Johns Hopkins science in print

How pancreatic cancer spreads

Pancreatic cancer is deadly all by itself, but like so many cancers it can metastasize, becoming even deadlier. The mechanism by which the cancer spreads is not well understood, but a group of Johns Hopkins researchers recently made progress. A team at the Kimmel Cancer Center identified a molecular partnership, a sort of deadly teamwork between two proteins that is implicated in the metastasis.

The first protein, annexin A2, is involved in a number of cellular processes within the body, including cell motility and what is called exocytosis—the movement of proteins from within cell walls to outside them. In regard to pancreatic cancer, annexin A2 seems to help the second protein in the partnership, semaphorin 3D, exit pancreatic cancer cells.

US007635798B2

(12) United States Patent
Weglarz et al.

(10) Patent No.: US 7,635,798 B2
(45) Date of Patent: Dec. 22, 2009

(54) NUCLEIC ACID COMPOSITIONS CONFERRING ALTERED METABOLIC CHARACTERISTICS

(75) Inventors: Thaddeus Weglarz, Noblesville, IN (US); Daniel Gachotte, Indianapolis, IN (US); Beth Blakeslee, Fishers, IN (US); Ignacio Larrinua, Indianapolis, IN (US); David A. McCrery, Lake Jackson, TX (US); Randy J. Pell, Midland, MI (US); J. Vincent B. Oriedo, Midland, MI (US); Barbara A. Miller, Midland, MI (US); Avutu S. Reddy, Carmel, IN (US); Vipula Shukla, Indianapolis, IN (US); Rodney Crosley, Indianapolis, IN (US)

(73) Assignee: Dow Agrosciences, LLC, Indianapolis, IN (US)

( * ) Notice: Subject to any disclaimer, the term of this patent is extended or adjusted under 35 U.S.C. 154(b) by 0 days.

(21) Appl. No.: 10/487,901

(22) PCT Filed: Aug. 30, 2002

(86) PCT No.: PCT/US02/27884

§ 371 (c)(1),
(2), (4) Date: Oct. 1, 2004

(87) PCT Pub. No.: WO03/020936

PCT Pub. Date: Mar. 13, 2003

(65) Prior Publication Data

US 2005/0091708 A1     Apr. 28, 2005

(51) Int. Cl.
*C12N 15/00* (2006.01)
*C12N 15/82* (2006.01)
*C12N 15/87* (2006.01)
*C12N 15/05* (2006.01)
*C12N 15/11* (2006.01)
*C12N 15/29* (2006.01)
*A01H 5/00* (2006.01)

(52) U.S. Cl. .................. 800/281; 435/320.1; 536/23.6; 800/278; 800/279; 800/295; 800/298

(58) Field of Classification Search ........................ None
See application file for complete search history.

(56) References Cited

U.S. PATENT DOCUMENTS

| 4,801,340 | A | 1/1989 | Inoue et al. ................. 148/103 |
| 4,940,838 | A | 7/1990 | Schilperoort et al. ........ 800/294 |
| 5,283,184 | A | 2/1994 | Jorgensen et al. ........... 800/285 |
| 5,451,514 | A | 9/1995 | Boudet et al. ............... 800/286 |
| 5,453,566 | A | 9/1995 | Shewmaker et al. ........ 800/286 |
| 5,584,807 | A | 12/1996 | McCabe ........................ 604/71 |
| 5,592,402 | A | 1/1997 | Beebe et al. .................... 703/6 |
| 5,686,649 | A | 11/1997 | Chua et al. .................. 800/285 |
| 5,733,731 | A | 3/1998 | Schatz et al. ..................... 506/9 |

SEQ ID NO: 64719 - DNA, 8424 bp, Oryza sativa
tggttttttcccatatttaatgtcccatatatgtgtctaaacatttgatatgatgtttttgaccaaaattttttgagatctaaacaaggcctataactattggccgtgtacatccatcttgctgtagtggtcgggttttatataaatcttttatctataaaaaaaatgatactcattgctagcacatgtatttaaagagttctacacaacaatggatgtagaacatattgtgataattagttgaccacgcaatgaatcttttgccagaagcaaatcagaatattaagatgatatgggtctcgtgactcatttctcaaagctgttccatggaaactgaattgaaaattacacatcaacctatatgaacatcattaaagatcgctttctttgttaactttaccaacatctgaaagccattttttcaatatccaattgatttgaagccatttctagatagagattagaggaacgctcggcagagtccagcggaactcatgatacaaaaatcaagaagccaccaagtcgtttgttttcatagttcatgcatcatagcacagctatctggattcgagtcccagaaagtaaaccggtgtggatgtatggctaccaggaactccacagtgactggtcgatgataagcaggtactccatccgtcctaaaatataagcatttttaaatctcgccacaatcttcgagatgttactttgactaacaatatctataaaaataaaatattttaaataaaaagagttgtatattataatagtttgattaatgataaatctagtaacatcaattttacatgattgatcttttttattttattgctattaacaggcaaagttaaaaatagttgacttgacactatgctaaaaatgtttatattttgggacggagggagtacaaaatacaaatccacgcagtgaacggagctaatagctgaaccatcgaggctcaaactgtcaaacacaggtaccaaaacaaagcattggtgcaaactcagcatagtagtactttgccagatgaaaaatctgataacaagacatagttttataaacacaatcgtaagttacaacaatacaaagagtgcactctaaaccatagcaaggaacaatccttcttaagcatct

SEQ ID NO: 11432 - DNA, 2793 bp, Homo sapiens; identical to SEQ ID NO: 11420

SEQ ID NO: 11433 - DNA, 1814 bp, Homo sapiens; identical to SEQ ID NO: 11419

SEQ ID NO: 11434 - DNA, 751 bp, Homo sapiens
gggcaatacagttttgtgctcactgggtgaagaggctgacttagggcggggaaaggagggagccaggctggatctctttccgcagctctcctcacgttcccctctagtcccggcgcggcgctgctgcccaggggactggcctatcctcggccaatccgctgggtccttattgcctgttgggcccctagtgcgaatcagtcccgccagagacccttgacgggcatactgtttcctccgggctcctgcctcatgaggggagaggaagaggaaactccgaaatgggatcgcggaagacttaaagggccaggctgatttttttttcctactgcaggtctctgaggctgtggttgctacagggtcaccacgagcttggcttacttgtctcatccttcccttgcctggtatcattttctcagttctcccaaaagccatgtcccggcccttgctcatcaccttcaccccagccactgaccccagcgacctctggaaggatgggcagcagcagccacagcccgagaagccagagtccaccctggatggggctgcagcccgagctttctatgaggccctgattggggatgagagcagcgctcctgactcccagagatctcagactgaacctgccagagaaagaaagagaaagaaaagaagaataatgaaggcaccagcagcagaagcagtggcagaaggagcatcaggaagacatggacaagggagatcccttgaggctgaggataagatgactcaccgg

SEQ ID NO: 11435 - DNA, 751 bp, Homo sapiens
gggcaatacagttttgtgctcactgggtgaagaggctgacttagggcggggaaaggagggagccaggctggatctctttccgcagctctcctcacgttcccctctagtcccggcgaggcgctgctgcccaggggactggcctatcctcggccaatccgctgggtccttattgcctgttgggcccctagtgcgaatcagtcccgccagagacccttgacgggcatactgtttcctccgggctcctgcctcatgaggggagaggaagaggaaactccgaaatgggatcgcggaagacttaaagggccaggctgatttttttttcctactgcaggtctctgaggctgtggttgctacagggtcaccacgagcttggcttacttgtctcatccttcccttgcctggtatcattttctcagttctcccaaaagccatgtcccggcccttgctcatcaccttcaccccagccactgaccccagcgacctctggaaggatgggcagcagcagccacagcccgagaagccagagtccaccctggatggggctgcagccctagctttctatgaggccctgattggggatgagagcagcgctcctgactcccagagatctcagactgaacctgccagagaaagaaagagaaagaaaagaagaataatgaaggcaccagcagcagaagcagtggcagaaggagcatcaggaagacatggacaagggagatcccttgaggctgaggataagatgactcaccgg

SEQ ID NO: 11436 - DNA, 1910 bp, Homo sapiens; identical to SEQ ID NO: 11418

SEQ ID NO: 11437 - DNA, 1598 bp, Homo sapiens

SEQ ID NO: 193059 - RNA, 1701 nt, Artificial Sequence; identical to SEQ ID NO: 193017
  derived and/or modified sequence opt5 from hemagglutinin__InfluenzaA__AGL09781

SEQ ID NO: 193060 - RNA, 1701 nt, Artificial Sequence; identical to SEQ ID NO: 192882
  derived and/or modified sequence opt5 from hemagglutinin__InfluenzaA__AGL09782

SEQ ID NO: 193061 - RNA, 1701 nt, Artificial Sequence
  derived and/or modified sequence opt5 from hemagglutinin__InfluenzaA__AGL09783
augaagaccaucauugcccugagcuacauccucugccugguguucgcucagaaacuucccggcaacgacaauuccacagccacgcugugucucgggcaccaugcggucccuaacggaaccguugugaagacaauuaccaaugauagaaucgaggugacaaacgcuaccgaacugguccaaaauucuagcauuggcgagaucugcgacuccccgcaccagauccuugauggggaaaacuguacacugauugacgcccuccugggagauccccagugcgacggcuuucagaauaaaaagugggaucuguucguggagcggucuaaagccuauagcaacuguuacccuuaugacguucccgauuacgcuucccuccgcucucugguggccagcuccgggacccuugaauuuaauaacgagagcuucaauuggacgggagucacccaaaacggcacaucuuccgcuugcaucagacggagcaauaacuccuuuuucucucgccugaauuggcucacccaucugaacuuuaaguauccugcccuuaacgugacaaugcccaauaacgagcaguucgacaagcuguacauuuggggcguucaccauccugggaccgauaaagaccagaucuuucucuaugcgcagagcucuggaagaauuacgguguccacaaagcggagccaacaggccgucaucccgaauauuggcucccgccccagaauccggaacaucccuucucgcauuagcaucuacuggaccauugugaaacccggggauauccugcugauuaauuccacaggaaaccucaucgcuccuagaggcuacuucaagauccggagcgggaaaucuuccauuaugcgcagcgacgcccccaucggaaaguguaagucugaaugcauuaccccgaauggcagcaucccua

Once Sema3D is outside the malignant cells, the real mischief begins. Pancreatic cancer is neurotropic, meaning it tends to invade nerve cells. Sema3D may help the cancer do this by tracking and surrounding nerves in order to put the cancer cells on a neural highway, so to speak, facilitating their spread. The presence of Sema3D has also been implicated in the recurrence of cancer after primary pancreatic tumors have been surgically removed.

Exactly how annexin A2 encourages pancreatic cancer cells to release Sema3D has not been determined. It may act as a sort of bodyguard, sheltering and guiding the protein as it makes its way toward an exit point at the cell's surface.

Two of the paper's authors, Lei Zheng and Elizabeth M. Jaffee, both oncologists in the School of Medicine, hold a patent on annexin A2 as a target for cancer therapy. They plan to conduct clinical trials on a vaccine targeting the protein, and they're also hunting for a molecule that might inhibit Sema3D.